Most airlines, including Lufthansa, require pilot applicants to undergo personality profiling at hiring time. Psychometric assessments measure aptitude for problem solving, communication and teamwork skills. Ongoing mental stability is better evaluated on the job or during the recurrent practical examinations such as flight checkrides and simulator evaluations. The aviator scrutiny concept can be difficult for the non-flying, privacy-loving public to grasp, but it is credited for the impressive airline safety record.

FAA Mandated Mental Health Evaluations

When warranted by AME observations or pilot-provided history, the FAA may require the pilot get a formal aviation mental health evaluation. This is an independent psychological, psychiatric or neuropsychological assessment reported directly to the FAA who will then make the ultimate disposition (fly or no-fly).

FAA Mental Health evaluations require the pilot to send records to the FAA including academic records, records of prior psychiatric hospitalizations, and records of periods of observation or treatment (e.g., psychiatrist, psychologist, social worker, counselor, or neuropsychologist treatment notes). Records must be in sufficient detail to permit a clear evaluation of the nature and extent of any previous mental disorders.

Ideal and Actual Workups

AME guidelines require that pilots be denied flight privileges if they have a personality disorder manifested by overt acts, a psychosis or a bipolar disorder. Practically, these diagnoses are not clear cut (mood swings vs bipolar?), and the information pilots provide about previous diagnoses may be incorrect because the specifics are unclear or unknown to them. A few pilots deliberately minimize past problems to pass the flight physical.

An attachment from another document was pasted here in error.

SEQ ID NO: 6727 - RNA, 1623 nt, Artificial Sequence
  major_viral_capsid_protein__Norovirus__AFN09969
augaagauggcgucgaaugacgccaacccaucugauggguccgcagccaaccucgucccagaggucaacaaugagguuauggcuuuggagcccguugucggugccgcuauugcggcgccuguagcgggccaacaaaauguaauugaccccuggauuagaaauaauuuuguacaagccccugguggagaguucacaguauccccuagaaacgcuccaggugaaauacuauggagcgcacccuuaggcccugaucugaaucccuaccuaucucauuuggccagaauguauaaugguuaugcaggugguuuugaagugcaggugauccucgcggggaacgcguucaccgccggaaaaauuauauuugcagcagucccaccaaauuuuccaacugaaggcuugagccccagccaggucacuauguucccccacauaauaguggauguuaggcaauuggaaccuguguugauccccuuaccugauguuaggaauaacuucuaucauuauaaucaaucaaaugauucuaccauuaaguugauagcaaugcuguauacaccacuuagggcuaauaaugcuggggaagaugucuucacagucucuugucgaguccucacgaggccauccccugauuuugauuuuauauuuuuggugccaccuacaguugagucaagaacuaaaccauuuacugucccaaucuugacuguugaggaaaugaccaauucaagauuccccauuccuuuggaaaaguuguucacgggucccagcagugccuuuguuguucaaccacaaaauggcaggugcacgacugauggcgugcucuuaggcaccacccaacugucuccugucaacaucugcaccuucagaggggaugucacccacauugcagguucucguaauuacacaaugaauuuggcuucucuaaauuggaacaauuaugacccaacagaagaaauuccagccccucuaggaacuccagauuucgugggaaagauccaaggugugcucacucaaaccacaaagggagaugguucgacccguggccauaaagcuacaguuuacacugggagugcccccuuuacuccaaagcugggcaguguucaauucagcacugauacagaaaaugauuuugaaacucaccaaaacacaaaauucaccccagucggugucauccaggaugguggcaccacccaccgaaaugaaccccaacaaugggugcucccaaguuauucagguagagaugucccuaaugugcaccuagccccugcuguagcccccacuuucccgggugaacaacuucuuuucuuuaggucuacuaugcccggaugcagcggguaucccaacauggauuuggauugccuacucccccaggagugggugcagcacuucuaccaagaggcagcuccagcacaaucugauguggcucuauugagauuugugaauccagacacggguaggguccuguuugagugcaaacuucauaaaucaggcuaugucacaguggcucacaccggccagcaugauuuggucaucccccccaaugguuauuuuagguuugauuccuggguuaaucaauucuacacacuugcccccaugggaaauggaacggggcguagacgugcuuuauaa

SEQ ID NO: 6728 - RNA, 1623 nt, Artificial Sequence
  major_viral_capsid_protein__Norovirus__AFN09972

AMEs and flight surgeons observe appearance, behavior, mood, communication skills, memory and cognition, but the doctor's snapshot impression is dependent on self-reporting and the apparent state of the pilot during the brief flight physical. Occasionally pilot candidates are referred for neuropsychological testing to further clarify borderline cases.

Grounding Policy

From a policy standpoint, no single stressor or request for help should automatically ground a troubled aviator. However, when problems are identified through self-disclosure, candid interactions or objective observations, most airlines aim for methodical workup starting with a focused medical evaluation (endocrine, sleep apnea, etc). Next is a mental health review for depression, personality disorder, substance abuse or anxiety.

Idealized responses are important but not always attainable in the real world, so privacy protections and predictive limits of psychiatric screening are addressed later in this series. It is unknowable whether any proposed measures could have confidently detected or predicted Germanwings co-pilot Andreas Lubitz's future state of mind.

Next WayPoint - Pilot Medical Privacy

This segment discussed pilot mental health screening and the series continues with the next segment, Part 4: Privacy Protections: Pilot Medical Records... →

Continue to Part 3: Ongoing Mental Health Surveillance →

Author: John Ogle, MD, MPH, FACEP is one of our senior flight surgeons. An Emergency Physician and commercial pilot himself, the author holds degrees in aerospace engineering, medicine and epidemiology. He is an experienced Air Force crash investigator and former AME.

Editor's Note: This series contains Dr Ogle's personal and professional opinions. His preliminary ideas may or may not reflect those of the FAA, the US Air Force or Details of the horrific crash are still emerging at the time of publication.

— Editorial Staff

Reminder: use to familiarize yourself with aviation medical regulations and guidelines, but always discuss your specific situation with one or more AMEs before dedicating resources toward expensive clinical workups. Find an AME now